Cash Converters online lending grows rapidly, but at a price

There is always a risk when you’re offering no credit check loans that you will be stung to a certain degree. The very nature of lending money to an individual who has the ability to pay back a short term loan but has a history of not doing so puts the financer in a position of threat from the outset.

And Cash Converters have seen the evidence first hand since they accepted the gauntlet of competing with other payday loan companies by setting up their very own online loan facility. However, the growth of its bad debt sector is fortunately overshadowed by the massive leaps forward they have made this year in its lending to customers who are actively improving their credit rating by making their repayments on time.

Back in December 2010 their loan book showed outstanding balances of £2.3M. According to figures just released, move that same balance sheet on twelve months and it has swelled beyond all expectations, now showing debts of £8.5M. Considering that they are, in essence, a pawnbroker, that’s a massive hike in business – in anyone’s books.

The growth has not all come from the quick cash advance online loan facility, though. Much has come from punters cashing in their assets through the doors of its 208 High Street stores. And it is real growth, not just increased volume from an existing customer base.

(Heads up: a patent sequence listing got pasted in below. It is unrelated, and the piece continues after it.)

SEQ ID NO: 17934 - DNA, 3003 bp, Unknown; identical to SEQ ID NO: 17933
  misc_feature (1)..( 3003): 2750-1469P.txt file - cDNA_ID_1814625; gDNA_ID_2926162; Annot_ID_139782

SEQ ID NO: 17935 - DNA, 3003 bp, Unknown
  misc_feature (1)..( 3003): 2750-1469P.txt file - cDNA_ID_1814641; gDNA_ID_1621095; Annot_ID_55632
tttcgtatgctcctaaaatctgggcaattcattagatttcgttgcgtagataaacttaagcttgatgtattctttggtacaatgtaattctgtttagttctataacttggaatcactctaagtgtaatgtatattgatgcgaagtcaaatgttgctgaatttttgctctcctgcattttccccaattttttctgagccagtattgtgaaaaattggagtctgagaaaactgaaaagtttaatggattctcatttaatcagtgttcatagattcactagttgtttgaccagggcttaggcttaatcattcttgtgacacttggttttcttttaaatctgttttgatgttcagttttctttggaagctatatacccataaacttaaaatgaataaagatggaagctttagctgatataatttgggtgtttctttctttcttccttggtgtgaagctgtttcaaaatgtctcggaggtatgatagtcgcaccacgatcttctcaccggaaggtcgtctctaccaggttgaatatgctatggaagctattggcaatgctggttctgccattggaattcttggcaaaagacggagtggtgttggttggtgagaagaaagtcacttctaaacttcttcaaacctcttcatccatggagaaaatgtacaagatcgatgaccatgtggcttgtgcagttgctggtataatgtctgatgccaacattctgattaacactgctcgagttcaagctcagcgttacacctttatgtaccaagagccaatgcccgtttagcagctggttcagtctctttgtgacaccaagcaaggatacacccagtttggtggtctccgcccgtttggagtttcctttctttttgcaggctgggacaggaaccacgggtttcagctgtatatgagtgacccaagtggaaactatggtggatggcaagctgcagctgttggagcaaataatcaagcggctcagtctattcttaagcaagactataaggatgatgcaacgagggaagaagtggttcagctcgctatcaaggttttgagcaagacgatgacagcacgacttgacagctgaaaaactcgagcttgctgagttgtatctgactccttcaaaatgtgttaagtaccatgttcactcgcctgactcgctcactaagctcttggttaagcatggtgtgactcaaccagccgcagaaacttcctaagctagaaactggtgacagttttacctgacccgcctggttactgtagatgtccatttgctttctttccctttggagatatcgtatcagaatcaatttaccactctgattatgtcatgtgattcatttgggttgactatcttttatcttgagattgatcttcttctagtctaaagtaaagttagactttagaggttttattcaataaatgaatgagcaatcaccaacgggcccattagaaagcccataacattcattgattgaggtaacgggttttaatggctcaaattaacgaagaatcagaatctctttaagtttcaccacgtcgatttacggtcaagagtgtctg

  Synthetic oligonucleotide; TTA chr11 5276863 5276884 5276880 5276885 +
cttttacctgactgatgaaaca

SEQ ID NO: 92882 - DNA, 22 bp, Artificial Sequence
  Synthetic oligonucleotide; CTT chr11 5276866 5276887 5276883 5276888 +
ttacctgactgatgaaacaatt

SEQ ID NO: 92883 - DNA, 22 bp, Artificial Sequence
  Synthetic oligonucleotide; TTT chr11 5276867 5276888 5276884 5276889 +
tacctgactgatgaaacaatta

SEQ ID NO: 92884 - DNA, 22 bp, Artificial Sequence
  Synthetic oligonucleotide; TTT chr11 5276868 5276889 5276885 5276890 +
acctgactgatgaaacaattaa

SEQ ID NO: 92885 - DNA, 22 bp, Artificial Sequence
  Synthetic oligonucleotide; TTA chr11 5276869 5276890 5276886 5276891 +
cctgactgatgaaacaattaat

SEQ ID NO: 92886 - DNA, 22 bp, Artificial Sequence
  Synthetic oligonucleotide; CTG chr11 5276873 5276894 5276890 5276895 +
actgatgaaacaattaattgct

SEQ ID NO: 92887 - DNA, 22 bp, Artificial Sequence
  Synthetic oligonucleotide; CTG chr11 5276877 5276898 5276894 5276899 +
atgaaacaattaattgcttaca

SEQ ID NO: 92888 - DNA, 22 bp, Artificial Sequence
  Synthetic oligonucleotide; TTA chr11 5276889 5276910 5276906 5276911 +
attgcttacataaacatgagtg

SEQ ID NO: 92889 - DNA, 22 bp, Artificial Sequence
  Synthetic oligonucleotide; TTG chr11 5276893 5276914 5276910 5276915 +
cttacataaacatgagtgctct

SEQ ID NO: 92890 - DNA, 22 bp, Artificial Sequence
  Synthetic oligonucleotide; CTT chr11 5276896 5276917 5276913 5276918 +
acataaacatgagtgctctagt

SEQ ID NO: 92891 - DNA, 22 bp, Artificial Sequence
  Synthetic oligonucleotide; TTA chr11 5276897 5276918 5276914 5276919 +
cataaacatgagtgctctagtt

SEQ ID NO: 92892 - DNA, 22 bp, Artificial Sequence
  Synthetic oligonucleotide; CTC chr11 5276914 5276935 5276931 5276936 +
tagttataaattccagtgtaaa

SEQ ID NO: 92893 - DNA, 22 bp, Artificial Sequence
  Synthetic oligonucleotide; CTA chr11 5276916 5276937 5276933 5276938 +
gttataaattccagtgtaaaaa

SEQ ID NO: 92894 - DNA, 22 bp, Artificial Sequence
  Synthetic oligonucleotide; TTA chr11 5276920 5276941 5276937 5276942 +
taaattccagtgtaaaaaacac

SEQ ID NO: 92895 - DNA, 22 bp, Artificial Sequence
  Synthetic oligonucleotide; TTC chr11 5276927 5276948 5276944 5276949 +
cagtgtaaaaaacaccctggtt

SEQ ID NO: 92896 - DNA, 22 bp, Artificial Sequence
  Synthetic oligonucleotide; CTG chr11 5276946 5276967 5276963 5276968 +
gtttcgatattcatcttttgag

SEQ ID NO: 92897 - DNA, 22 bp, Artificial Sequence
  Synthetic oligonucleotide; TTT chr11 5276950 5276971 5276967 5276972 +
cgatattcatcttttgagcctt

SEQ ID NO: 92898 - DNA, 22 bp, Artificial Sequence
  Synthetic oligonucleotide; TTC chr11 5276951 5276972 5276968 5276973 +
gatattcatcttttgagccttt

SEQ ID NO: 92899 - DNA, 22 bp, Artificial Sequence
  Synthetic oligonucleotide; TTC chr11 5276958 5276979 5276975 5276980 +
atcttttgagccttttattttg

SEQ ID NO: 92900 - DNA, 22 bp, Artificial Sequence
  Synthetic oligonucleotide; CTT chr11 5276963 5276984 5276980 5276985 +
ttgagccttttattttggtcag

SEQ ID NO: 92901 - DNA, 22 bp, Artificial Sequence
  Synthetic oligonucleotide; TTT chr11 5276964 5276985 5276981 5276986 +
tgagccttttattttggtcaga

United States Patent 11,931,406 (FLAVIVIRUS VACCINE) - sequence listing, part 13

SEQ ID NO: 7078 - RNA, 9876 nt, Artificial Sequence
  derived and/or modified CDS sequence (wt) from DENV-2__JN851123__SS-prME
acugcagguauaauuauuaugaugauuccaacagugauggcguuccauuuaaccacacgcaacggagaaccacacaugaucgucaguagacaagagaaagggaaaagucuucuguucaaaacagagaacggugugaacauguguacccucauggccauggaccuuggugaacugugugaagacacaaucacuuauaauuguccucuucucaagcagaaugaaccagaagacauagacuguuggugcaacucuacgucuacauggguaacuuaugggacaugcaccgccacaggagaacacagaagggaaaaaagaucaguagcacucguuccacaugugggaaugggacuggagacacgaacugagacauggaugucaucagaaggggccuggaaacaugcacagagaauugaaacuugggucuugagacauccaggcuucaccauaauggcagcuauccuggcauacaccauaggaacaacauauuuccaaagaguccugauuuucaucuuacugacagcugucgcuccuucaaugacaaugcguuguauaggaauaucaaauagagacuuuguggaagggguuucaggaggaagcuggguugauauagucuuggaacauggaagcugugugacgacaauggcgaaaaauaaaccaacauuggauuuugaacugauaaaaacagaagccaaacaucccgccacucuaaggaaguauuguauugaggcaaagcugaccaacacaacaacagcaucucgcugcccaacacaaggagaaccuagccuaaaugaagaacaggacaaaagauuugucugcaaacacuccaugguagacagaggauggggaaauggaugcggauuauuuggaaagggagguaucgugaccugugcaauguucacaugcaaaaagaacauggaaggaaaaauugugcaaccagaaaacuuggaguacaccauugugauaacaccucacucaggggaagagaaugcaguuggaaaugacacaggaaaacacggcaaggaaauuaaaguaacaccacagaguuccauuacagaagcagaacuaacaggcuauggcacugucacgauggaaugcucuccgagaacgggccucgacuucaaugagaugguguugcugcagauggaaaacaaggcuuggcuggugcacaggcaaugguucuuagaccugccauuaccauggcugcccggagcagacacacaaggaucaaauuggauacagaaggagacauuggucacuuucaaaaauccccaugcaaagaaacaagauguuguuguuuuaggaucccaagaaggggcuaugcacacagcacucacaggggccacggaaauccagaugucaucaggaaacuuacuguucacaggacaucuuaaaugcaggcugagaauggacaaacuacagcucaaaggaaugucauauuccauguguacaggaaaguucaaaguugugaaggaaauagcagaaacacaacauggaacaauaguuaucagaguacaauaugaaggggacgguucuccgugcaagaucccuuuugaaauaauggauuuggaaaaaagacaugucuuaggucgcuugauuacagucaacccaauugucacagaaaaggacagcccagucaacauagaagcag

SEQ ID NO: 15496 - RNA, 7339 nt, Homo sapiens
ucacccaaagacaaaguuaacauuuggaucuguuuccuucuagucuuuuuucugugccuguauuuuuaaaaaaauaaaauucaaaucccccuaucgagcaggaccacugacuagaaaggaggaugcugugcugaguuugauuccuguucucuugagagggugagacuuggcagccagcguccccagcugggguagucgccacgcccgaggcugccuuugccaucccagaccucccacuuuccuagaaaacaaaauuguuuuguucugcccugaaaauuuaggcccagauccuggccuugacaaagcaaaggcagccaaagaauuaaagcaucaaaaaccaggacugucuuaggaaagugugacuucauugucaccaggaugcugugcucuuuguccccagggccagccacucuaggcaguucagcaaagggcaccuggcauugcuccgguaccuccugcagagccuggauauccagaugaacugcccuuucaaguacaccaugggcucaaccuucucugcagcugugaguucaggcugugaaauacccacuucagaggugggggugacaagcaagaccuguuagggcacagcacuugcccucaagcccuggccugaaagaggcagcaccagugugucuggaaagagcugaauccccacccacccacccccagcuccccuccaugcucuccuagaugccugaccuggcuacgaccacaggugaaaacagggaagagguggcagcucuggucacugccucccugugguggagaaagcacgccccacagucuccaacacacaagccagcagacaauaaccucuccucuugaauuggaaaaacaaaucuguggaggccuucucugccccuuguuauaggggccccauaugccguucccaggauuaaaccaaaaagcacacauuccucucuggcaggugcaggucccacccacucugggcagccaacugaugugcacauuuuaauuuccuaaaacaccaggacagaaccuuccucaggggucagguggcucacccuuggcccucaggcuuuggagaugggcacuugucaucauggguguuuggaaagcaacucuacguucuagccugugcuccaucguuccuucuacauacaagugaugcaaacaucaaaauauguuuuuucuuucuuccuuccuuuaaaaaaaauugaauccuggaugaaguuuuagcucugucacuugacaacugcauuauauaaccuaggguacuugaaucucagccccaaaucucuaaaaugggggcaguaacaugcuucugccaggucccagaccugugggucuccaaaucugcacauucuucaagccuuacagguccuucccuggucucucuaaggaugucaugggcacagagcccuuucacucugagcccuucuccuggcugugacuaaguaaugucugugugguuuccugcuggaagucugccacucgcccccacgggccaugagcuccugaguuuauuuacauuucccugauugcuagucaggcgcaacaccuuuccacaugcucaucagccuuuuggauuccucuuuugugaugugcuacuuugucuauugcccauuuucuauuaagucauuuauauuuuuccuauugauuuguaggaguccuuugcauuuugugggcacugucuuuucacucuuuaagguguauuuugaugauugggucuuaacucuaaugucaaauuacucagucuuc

Of those applying for a instant cash loan on their website, launched only in October of 2010, only 4% were recognised users – the other 96% of applicants were brand new customers. This is reflective of the short term loans market as a whole, where no credit check loans have been a godsend for those families – 70% according to one recent study – struggling to make ends meet.

Irrespective of the overall growth, that figure could be a whole lot better if Cash Converters could eradicate the niggling 11% of borrowers who have defaulted on their repayments, a figure that has risen more than 20% in the last six months of 2011.

They are, however, addressing that situation to try and bring that 11% down to a more manageable figure. Companies can insure against bad debt, but the cost of cover when the conditions are so relaxed is steep, especially when the amount is as high as the report suggests. In order to cut down that risk, this year will see more selective processes for those who they lend money to, refining their existing customer base and employing collections managers whose sole purpose will be to come to an agreement to retrieve the money that is showing as outstanding for the current instant cash loan book and any future defaults.

As organisations such as Cash Converter realise gains in the market that are far greater than they anticipated, they position themselves to be able to choose their risk. If other companies follow suit, we could soon be seeing the beginning of the end for the no credit check loan. Where will seven out of ten families go then, to put food on the table?

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